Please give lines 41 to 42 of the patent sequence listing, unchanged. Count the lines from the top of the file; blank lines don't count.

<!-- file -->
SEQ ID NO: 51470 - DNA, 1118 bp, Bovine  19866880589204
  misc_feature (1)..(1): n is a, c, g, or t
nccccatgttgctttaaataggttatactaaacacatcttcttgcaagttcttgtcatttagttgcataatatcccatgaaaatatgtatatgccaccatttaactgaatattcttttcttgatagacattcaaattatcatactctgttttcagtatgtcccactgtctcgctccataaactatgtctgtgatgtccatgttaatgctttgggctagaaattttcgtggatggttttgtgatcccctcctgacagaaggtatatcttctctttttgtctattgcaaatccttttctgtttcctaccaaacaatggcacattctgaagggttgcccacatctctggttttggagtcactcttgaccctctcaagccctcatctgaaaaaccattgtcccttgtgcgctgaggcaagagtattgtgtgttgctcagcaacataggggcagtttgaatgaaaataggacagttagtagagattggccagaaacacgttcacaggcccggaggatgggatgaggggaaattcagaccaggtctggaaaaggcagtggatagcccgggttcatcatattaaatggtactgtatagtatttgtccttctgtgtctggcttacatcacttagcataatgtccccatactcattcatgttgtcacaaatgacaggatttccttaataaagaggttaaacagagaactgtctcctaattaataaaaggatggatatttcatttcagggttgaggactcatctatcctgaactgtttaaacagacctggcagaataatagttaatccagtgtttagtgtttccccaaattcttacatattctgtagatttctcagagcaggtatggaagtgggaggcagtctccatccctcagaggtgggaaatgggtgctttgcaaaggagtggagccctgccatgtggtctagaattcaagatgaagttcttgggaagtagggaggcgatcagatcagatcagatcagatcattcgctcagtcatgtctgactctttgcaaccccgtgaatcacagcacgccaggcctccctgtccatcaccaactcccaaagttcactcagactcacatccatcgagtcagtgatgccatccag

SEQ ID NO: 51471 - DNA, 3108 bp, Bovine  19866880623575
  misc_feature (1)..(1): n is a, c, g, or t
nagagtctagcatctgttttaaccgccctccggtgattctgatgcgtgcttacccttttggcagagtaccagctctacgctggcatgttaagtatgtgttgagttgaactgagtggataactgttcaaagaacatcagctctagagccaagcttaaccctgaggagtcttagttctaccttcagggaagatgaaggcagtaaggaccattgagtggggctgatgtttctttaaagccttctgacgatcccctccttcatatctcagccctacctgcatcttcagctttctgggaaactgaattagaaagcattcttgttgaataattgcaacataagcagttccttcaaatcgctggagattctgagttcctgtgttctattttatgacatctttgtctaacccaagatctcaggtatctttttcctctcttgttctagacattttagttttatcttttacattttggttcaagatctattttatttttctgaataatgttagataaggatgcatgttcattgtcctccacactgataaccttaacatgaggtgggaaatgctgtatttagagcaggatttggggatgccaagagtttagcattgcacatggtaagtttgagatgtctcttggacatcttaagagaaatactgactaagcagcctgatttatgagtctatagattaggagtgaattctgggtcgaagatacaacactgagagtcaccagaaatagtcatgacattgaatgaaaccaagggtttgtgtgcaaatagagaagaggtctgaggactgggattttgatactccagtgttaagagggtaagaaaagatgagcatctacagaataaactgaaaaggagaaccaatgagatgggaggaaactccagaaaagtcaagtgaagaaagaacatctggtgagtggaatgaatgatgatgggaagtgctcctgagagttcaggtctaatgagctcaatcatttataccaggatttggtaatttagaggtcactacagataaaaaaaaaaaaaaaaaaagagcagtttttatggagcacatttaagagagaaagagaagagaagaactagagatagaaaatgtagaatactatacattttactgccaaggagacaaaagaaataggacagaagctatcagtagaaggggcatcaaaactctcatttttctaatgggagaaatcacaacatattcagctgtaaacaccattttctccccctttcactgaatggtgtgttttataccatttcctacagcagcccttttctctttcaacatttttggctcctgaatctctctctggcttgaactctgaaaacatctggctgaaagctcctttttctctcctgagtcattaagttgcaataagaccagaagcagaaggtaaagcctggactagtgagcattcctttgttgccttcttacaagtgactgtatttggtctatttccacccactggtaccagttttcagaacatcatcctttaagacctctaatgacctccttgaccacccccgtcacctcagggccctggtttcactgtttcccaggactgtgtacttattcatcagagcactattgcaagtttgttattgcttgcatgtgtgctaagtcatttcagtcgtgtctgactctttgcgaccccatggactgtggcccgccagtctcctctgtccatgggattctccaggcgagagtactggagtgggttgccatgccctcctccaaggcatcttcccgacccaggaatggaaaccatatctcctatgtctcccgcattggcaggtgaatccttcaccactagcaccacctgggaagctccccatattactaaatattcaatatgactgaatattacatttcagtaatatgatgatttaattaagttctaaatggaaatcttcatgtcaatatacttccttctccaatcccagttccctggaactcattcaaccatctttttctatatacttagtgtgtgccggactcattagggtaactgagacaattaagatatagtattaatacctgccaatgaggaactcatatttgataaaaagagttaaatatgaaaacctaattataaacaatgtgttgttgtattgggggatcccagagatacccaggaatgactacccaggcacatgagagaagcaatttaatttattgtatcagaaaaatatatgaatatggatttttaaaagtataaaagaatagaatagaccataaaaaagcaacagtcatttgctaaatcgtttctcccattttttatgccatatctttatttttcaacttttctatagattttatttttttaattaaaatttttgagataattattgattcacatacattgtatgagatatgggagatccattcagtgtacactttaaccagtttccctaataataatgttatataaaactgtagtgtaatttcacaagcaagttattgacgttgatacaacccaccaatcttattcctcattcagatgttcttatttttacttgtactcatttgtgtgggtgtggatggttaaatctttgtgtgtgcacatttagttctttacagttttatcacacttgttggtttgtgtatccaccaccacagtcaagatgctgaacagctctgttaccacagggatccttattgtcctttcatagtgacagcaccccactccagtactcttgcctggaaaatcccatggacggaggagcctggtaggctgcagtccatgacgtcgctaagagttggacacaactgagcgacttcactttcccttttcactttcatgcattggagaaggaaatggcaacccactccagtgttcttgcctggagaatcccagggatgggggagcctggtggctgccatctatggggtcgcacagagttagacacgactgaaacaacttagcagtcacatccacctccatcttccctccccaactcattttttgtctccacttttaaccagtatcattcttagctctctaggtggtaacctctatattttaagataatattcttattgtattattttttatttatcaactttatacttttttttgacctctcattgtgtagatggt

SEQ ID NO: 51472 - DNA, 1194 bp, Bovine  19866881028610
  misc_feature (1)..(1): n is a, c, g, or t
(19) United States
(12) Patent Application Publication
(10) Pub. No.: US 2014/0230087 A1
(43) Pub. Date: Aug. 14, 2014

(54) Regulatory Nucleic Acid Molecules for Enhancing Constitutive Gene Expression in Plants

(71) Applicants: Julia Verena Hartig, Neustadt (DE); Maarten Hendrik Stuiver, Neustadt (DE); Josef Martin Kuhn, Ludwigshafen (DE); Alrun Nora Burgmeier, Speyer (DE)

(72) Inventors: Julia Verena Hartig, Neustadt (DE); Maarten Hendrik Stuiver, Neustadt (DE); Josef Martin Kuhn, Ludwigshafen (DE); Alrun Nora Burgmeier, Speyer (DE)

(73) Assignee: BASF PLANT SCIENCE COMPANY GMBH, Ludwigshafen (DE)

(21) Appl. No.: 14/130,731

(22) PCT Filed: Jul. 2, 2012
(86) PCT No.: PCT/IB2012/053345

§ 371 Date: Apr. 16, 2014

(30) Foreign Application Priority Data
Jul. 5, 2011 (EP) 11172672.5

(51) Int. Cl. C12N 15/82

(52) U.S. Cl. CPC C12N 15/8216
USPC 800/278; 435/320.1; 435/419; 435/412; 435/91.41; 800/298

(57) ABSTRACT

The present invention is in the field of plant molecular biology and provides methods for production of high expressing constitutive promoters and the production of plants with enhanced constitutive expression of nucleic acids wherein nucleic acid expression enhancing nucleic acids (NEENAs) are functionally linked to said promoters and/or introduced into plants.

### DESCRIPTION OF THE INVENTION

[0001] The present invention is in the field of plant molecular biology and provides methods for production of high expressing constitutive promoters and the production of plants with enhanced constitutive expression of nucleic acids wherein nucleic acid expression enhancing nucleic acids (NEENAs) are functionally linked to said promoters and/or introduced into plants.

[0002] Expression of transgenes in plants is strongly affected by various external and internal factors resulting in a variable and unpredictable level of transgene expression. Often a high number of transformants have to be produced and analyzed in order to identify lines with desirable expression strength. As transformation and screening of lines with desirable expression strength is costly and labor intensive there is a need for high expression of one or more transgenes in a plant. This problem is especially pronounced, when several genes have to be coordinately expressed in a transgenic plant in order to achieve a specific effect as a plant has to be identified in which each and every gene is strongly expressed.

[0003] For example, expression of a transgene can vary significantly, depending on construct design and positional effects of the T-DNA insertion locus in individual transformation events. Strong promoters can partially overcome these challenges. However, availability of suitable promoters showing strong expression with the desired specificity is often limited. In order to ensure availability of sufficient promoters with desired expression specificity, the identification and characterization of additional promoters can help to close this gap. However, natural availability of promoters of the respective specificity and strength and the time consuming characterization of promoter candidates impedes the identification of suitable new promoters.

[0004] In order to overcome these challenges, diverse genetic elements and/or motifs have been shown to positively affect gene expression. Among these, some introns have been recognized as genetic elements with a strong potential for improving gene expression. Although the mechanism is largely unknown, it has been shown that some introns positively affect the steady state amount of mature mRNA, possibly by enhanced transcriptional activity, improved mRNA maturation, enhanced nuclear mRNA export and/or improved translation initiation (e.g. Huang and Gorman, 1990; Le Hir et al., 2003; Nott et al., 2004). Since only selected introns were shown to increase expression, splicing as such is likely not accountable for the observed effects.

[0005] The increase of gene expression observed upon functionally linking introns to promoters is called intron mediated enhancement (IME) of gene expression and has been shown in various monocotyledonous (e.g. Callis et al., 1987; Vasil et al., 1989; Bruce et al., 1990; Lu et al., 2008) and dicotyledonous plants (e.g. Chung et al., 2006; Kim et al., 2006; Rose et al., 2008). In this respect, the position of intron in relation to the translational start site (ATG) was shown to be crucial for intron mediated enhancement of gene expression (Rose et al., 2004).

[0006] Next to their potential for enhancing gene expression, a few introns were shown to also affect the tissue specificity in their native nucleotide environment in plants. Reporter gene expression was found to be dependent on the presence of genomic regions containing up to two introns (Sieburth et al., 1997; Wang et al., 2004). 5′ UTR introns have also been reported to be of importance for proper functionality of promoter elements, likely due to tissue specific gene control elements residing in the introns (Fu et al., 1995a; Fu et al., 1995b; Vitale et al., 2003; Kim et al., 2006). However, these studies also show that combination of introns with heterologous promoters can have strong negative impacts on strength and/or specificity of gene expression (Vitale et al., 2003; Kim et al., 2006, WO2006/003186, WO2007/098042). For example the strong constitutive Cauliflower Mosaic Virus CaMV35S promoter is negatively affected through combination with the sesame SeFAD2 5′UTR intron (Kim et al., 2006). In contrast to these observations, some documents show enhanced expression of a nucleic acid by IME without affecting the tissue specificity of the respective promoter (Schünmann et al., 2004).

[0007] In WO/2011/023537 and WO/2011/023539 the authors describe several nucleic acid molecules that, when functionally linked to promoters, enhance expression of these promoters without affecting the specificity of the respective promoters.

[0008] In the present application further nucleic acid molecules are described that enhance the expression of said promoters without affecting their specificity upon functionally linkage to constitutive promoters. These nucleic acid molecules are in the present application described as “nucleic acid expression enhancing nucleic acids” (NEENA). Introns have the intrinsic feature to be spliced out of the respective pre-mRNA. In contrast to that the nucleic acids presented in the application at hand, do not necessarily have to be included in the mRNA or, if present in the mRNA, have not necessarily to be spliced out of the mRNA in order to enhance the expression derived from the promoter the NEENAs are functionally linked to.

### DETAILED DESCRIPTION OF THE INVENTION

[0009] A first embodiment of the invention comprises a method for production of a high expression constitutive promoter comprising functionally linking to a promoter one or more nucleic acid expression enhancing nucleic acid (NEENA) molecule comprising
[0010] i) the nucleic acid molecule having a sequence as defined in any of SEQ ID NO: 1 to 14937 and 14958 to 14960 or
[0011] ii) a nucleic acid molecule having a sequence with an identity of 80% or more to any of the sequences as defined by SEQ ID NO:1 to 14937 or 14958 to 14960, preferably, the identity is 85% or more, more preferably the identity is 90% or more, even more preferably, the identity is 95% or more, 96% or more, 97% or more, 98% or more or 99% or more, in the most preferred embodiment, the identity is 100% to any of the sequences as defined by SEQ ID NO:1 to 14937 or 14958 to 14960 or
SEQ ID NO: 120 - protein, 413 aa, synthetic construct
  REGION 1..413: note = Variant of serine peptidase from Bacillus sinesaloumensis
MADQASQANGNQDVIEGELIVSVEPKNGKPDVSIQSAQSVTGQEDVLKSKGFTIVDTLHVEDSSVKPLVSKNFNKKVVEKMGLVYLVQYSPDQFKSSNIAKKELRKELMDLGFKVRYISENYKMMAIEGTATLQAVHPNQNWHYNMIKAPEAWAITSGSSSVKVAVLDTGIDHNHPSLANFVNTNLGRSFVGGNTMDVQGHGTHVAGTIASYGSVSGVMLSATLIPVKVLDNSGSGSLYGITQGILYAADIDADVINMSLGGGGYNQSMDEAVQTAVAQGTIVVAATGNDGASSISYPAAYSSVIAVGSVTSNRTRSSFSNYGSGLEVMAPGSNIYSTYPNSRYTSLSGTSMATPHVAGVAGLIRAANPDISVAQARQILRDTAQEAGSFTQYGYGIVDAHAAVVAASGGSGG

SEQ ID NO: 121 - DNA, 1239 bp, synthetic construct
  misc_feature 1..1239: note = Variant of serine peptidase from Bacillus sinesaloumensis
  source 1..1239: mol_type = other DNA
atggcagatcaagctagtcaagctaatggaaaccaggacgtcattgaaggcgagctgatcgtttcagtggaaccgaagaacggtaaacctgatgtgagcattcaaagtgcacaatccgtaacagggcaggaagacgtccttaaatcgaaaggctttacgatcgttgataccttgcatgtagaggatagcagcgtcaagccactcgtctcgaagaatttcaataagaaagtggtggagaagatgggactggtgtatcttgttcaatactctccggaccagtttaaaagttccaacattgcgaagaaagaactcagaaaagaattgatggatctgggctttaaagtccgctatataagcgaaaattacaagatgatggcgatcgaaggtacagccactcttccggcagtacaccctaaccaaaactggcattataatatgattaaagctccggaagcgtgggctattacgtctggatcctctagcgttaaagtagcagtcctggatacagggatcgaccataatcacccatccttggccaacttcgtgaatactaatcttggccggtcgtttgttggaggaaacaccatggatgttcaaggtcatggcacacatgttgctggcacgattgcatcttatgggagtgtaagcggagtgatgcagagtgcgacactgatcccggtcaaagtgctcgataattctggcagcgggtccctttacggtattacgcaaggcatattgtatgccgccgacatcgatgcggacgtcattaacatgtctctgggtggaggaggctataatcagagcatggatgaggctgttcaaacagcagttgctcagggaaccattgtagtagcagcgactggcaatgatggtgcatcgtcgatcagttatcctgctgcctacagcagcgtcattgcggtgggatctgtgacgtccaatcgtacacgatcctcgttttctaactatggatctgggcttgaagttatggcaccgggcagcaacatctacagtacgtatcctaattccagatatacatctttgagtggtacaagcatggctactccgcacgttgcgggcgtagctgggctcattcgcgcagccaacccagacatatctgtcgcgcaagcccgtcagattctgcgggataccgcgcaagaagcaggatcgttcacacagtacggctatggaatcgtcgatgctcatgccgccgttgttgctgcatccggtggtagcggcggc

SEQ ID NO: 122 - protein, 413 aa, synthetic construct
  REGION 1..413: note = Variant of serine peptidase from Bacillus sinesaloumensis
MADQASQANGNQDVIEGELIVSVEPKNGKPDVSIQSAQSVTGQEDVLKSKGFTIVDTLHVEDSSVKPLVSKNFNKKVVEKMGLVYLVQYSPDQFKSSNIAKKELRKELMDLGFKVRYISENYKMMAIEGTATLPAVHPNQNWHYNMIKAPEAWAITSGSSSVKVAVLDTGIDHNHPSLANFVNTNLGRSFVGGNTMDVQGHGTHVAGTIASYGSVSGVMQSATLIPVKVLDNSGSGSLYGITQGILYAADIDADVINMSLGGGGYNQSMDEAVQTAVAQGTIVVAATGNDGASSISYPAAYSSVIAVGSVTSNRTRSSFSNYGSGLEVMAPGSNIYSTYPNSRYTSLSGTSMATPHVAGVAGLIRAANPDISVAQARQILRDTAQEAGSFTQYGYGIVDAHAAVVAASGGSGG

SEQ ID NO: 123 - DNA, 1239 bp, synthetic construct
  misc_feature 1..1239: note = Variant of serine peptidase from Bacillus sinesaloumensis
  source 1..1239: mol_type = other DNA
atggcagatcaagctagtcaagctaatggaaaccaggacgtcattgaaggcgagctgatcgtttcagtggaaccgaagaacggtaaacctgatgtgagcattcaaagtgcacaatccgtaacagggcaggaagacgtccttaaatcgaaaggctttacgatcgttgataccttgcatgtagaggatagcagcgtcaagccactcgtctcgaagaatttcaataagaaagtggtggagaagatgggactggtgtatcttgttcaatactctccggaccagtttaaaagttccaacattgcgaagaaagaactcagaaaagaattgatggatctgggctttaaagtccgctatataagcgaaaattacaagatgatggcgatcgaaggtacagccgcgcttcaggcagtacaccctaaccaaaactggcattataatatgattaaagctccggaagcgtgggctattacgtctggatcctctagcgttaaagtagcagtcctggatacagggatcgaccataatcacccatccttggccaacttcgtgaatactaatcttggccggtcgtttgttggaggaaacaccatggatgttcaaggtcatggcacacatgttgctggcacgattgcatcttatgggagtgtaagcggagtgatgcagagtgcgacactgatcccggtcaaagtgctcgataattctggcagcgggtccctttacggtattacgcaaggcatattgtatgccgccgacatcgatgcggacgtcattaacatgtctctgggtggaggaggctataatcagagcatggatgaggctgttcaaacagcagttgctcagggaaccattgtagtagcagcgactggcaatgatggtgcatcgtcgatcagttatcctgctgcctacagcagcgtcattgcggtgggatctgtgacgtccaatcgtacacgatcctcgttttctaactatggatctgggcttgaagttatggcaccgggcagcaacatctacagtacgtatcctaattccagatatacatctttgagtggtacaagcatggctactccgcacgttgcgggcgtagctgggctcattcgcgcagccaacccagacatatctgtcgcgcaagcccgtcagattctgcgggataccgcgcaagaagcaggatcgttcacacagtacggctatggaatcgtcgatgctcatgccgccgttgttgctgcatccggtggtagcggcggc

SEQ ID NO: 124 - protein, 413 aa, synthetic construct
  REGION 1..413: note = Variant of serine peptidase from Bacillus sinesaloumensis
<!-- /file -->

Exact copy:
SEQ ID NO: 120 - protein, 413 aa, synthetic construct
  REGION 1..413: note = Variant of serine peptidase from Bacillus sinesaloumensis